I decided to make a recap post of some of the nicest looking photos I took this autumn. I’ve been lucky with weather; even though we still had a lot of rain, there were enough dry and sunny days to take some good shots. Although you’ll see two of these were taken indoors.
A bowl of apples, my favourite fruit.
A cup of pumpkin spice latte. Normally I drink black coffee only; this for me is a once-a-year indulgence.
Two collages. The top one is made from smartphone shots taken on a walk, the bottom one is pictures from Heaton Park this autumn.
Another smartphone shot; this is Cathedral Gardens with Chetham School of Music in the background and the fountain where ducks occasionally hang out.
And I end this with two shots taken around the Manchester Cathedral.
Elizabeth Gaskell House is in Plymouth Grove, Manchester and was a home of, obviously, Elizabeth Gaskell, the writer, who lived here between 1850 and 1865. After recently reading her book North and South, I thought I should go and see it, so I did.
And here’s the pics:
This is the study of William Gaskell, Elizabeth’s husband, a Unitarian minister, teacher and and all round remarkable person.
The drawing room:
Pictures on the wall in the drawing room. Portrait of Elizabeth on the left, the one on the right you may recognise as fellow Victorian author Charlotte Brontë , who was Elizabeth’s friend. After Charlotte’s death, Elizabeth wrote The Life of Charlotte Brontë, biography of Charlotte on request of Charlotte’s father Patrick Brontë. (My Haworth Parsonage post is here, if interested.)
The dining room:
Table in the dining room where Elizabeth did her writing work:
The contents of the house are not originals. Elizabeth and William had four daughters, two of whom never married and lived here till their death. The last one, Margaret, nicknamed Meta, died in 1913 and after that the house and its contents were sold. Later, the house was used as accommodation for students (Plymouth Grove is not far from the universities), until it was acquired by Manchester Historic Buildings Trust and reconstructed to look as much as possible as how it did during Elizabeth’s life.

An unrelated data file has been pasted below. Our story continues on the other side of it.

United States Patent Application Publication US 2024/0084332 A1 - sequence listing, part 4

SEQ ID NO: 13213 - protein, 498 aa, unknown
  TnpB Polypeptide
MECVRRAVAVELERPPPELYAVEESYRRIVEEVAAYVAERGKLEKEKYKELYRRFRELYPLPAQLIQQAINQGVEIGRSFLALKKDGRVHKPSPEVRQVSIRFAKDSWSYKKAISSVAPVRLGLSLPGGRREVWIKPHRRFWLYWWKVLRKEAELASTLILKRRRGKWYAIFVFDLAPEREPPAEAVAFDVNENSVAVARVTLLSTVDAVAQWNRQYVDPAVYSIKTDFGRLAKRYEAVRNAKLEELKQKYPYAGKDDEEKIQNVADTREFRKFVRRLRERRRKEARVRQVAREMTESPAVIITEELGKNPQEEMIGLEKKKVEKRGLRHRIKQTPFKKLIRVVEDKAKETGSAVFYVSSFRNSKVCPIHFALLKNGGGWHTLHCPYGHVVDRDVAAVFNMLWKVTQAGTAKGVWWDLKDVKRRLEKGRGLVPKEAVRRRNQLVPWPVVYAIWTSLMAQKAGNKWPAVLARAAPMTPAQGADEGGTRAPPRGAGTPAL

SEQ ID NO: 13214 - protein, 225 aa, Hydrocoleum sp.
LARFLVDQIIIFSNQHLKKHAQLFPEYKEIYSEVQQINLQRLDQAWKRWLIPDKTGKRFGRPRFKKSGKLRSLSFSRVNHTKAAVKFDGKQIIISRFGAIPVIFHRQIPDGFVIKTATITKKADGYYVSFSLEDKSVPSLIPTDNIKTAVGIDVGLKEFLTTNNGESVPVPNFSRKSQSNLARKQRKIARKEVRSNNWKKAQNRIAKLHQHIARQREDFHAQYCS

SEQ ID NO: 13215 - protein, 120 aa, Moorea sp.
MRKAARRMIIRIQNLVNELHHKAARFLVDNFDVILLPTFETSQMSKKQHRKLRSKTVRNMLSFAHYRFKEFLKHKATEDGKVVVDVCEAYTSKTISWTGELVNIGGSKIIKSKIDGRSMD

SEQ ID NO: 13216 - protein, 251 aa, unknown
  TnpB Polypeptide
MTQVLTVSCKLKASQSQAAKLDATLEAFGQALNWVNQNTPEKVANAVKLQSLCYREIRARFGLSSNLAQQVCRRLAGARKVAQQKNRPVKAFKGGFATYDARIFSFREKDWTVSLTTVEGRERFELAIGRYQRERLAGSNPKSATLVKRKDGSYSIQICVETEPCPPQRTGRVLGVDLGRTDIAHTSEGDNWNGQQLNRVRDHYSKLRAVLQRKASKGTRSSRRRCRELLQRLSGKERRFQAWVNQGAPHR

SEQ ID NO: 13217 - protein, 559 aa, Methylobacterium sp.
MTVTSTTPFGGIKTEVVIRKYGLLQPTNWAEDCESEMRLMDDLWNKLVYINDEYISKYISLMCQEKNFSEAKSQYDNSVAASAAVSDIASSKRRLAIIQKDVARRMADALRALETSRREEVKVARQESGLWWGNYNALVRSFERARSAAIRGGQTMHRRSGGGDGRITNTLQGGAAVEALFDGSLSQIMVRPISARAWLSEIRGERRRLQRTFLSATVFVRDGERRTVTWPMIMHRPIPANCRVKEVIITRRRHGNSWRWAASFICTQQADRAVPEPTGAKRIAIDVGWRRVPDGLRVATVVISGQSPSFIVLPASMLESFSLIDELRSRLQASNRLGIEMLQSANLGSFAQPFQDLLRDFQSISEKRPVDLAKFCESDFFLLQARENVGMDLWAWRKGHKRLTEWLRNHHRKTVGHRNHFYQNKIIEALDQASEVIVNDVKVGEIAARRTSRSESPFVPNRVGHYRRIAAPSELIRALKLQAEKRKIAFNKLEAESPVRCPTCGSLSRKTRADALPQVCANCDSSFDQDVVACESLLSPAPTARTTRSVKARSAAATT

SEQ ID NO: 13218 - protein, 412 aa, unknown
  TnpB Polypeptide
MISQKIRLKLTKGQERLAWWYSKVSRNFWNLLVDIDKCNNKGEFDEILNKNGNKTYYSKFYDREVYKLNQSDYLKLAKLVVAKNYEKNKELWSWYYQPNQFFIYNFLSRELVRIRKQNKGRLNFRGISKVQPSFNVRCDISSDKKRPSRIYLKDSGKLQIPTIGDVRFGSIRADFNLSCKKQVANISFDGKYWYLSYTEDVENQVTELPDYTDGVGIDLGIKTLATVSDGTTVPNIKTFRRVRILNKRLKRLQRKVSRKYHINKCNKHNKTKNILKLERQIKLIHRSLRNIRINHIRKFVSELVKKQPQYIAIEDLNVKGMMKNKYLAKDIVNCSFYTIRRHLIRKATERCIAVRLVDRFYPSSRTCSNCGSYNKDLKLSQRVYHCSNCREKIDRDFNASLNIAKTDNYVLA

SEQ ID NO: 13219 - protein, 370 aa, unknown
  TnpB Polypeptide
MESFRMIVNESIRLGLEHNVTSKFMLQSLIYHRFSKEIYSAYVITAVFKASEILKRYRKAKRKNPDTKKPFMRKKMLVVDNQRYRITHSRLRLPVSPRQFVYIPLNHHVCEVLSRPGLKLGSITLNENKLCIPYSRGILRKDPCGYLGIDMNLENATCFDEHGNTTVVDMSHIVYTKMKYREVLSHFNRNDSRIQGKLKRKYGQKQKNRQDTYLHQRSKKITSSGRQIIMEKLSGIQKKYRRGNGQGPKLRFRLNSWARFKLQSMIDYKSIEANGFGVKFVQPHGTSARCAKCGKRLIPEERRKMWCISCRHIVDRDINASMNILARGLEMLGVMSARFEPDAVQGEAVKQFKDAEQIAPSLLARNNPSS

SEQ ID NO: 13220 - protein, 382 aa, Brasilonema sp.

The Gaskells used to have a lot of famous visitors, aside from Charlotte Brontë these included Harriet Beecher Stowe, Charles Dickens and John Ruskin. You look at that nice tea set and think, hmmm, I bet there was a lot of tea spilt!
Here’s the link the Elizabeth Gaskell House website, which has all the info.
Elizabeth Gaskell’s books are all now in public domain so you can read them for free or download them from Gutenberg. I’ve only read North and South so far, it’s her most famous novel and it’s a fantastic story but… on my dears, 19th century literature is… well, 19th century literature. Why use two words when you can use twenty in a sentence, eh? I don’t think I’m ever going to not struggle with it *long sigh*. But in the case of North and South, it’s worth it. The 2004 miniseries is pretty good too and it’s on Netflix, so go check it out. (Also, Richard Armitage as the love interest Mr Thornton, need I say more?)
Have you read any Elizabeth Gaskell? Have you visited the house? Tell me in the comments!
Last Friday (3rd May), Piccadilly Gardens, an area in Manchester city centre, got evacuated due to a suspicious package. The police and bomb disposal squad were called, did their thing, the device was not viable, nothing bad happened and the culprit was arrested. So what has this got to do with pigeons?
I went out on my lunch break to see what Piccadilly Gardens looked like when it was empty. It was empty of people, but not of all living creatures, as you can see on these shots.
This wasn’t more than half an hour after the evacuation. It’s amazing how fast they took over once people were gone. But that is more of a topic for my Gloomscapes series.
It’s in Sackville Gardens, a small park bordering Canal Street, aka the area in Manchester commonly known as Gay Village.
Alan Turing was a brilliant computer scientist and mathematician, who worked on first computers at the University of Manchester and during WW2 was part of a team at Bletchley Park, working for the Government Code and Cypher School, cracking Germany’s military codes. Unfortunately he was not treated very well and was prosecuted because of his sexuality. He was granted a posthumous pardon in 2013.
Essentially, Alan Turing is the godfather of all modern computers.
Speaking of pigeons on statues of royalty, there is a statue of Queen Victoria in Piccadilly Gardens (which I’ve never taken a picture of) and, well, let’s just say Her Majesty would not exactly be happy.